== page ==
India is becoming a land of digital opportunities for home-grown tech companies – as has been evidenced by the spate of successes recently
With the right enabling environment for growth, India is fast becoming a land of digital opportunities for home-grown tech companies – as has been evidenced by the spate of successes recently.
According to the ‘Thematic Research: India Tech’ report, US giants Alphabet, Amazon and Walmart currently dominate the ecommerce and mobile payment market in India. However, they face regulatory and social challenges. Amazon has already faced allegation of killing smart businesses, and the 2019 ecommerce regulations prevent both Amazon and Walmart from managing their inventory and stocks in the country.
“Digital opportunities have already disrupted the Indian e-commerce market by bringing the kirana stores online, and Indian unicorns have also eaten up global players’ share in areas such as online food delivery and online hotel booking.
Local Indian tech companies such as these are being promoted by the government, which are also regulating competition by foreign players,” said Swati Verma, Associate Project Manager for Thematic Research at GlobalData.
Earlier this year, Indian Prime Minister Narendra Modi said that Indian Institutes of Technology (IITs) should aim for the next level and transform into indigenous institutes of technology, stressing the need for home-made innovations that are environment-friendly, durable, and disaster-resilient.
Prime Minister Modi, while addressing the 66th convocation of IIT-Kharagpur in West Bengal online, underscored that India can become a major player in the field of science and technology in the post-pandemic world. “The scenario has changed in India in the 21st century. The needs and aspirations of the nation have also changed. Not just Indian Institutes of Technology, IITs must take it to the next level to indigenous institutes of technology,” Modi told students of India’s oldest IIT.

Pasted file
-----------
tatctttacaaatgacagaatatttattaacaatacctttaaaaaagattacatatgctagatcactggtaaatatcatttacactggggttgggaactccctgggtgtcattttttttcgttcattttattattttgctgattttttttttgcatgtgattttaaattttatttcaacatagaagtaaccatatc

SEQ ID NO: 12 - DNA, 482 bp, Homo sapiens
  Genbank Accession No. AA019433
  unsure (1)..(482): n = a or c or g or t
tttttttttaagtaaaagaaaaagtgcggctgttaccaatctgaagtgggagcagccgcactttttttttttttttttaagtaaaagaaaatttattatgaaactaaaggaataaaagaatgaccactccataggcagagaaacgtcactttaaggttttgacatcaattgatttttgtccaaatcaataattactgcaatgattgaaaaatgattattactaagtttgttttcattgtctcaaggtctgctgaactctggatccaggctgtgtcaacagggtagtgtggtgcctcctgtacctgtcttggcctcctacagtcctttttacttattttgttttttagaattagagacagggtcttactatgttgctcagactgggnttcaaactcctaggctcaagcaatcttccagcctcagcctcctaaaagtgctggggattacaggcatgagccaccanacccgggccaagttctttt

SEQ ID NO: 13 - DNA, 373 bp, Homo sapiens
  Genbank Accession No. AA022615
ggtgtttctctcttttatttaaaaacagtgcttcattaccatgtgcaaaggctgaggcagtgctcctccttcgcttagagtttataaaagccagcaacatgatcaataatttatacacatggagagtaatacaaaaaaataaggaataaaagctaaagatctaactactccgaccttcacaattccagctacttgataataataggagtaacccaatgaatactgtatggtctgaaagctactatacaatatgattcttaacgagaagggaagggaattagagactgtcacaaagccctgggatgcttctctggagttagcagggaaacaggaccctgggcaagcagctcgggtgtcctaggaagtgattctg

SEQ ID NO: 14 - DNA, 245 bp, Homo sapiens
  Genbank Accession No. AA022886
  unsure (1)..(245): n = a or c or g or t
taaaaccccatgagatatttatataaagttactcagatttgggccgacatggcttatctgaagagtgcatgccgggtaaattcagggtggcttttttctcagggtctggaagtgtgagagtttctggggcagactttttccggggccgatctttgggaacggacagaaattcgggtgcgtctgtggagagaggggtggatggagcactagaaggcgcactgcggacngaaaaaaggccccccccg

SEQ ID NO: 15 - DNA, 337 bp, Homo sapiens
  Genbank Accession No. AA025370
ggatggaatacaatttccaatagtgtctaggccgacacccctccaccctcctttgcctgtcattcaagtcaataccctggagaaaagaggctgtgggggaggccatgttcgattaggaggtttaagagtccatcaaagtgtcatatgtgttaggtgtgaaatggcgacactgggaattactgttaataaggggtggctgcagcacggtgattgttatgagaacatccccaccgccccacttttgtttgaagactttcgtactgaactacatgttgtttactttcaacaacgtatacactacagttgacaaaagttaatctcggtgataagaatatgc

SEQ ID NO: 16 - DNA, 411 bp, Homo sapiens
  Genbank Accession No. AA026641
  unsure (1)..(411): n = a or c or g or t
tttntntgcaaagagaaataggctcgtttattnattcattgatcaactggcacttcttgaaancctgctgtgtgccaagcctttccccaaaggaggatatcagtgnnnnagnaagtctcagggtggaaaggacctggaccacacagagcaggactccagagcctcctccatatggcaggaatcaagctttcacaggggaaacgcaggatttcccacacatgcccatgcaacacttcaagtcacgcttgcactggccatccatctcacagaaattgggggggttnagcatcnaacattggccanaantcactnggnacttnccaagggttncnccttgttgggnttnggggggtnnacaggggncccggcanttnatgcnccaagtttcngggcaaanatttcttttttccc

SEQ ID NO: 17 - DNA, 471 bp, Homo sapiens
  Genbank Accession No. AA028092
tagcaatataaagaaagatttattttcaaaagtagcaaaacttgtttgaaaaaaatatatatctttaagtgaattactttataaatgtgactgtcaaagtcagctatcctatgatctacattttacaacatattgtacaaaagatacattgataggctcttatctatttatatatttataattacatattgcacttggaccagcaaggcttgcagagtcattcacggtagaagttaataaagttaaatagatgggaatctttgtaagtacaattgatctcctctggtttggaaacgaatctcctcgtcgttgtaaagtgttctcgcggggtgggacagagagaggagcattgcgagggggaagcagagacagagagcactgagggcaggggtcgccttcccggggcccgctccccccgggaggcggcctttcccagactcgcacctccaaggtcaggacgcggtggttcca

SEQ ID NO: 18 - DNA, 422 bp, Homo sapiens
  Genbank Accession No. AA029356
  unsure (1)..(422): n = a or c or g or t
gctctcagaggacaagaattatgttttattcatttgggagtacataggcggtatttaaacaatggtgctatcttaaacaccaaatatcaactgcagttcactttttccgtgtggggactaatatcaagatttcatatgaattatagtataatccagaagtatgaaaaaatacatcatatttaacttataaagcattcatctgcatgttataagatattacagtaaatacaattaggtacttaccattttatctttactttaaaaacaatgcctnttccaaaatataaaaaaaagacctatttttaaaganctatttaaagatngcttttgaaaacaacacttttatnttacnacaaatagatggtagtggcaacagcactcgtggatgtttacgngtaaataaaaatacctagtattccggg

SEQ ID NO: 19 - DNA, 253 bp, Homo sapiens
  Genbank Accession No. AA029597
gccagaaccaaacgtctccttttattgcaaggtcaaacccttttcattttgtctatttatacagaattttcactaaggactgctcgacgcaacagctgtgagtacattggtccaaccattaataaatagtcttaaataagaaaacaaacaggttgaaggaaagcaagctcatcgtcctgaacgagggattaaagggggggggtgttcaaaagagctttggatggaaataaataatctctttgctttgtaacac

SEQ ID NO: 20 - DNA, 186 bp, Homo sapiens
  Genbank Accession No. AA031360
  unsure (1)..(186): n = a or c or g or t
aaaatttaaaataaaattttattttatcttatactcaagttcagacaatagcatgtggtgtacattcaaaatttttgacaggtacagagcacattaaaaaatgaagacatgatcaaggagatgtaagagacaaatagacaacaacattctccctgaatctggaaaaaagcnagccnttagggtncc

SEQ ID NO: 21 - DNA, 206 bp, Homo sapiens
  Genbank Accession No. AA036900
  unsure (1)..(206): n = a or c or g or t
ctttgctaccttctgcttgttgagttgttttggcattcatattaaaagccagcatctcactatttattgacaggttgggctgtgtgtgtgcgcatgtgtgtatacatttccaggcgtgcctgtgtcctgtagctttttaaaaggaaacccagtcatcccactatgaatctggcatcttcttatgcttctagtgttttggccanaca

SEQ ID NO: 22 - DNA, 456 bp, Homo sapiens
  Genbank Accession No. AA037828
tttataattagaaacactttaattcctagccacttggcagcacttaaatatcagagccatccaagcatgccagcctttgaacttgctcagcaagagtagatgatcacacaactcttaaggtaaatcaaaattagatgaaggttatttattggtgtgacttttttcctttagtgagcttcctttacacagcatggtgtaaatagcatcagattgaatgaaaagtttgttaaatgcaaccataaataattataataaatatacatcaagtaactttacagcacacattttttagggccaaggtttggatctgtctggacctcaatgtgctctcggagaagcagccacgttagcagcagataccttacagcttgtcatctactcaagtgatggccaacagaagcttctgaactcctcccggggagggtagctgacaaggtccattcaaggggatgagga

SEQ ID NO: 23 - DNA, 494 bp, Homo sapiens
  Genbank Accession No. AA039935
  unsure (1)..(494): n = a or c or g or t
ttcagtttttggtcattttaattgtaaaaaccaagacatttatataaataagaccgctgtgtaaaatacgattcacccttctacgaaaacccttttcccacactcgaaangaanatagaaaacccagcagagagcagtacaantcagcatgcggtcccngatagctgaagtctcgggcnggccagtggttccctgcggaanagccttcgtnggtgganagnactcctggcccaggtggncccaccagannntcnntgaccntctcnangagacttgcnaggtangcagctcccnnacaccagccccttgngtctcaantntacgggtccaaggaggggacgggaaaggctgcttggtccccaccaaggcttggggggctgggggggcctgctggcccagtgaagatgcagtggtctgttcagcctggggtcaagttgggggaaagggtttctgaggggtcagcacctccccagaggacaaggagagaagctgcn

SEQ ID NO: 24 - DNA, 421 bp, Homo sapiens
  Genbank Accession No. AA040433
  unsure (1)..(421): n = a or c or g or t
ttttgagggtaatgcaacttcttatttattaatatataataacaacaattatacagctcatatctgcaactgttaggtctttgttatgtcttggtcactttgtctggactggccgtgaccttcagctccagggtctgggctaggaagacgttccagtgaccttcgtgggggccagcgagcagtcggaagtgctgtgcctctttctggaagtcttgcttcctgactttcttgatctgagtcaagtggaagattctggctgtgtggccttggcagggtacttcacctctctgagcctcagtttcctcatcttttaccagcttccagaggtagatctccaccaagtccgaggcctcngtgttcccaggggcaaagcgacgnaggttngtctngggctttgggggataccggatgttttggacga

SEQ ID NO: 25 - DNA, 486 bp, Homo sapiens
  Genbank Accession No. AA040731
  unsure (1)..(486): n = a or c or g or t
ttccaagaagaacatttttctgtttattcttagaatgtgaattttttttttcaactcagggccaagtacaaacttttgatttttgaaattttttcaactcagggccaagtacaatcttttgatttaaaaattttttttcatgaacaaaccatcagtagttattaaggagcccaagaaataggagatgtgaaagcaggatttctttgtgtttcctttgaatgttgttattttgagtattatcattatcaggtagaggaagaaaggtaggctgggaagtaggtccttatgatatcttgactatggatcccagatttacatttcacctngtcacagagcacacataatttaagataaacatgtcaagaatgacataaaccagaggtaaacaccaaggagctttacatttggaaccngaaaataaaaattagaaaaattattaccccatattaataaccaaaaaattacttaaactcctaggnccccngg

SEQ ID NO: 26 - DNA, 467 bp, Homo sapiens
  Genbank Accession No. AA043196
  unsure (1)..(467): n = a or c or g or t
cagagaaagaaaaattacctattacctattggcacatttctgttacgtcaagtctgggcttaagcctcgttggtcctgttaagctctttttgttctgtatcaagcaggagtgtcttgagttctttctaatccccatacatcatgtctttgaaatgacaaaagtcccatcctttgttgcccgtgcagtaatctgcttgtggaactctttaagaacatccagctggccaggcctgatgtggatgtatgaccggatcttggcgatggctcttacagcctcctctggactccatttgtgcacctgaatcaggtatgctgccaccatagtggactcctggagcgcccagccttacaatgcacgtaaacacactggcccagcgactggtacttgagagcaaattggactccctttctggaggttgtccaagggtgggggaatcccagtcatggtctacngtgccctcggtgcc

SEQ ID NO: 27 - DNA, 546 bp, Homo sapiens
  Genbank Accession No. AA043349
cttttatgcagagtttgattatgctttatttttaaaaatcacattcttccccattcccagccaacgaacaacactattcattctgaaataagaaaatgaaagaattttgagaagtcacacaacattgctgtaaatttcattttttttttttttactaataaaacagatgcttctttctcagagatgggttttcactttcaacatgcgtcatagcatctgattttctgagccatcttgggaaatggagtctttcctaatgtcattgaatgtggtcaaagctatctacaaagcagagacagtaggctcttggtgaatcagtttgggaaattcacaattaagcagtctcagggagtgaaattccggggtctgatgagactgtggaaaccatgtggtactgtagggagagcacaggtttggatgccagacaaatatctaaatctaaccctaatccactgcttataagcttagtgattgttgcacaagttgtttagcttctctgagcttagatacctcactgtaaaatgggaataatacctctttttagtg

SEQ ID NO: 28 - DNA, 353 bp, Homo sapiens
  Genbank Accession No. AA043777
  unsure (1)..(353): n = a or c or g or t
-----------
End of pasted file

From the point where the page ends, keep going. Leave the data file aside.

Analysts have noted that Indian local players – whether with the heft of Reliance or small-town start-ups – are growing stronger and can now compete against foreign tech giants, which previously reaped the benefits in ecommerce, digital payments, social media and video streaming. The clash, according to Verma, is also leading global players to offer a more India-specific service.
The Indian government, for instance, is also taking steps to regulate the mobile payments industry.
According to new laws, no single mobile payments player can account for more than 30 per cent of the total number of transactions. This gives some respite to local mobile payments players such as Paytm, Axis Bank (Freecharge) and MobiKwik competing against Alphabet’s Google Pay, Walmart’s PhonePe, and Amazon Pay.
“The pandemic has boosted demand across India’s internet and media sector. Global players such as Facebook and Twitter dominate the country’s social media market, and, while no domestic players are competing strongly against the tech giants, a few Indian start-ups have benefitted from clashes between global social media apps and the Indian Government,” said Verma.
Indian video streaming players such as Star India, Zee Entertainment and Sony Pictures Networks India (SPN) had the advantage of Indian-made content in Hindi and other regional languages. These stood strong against Netflix and Amazon, forcing these players to place greater focus on regional-language content.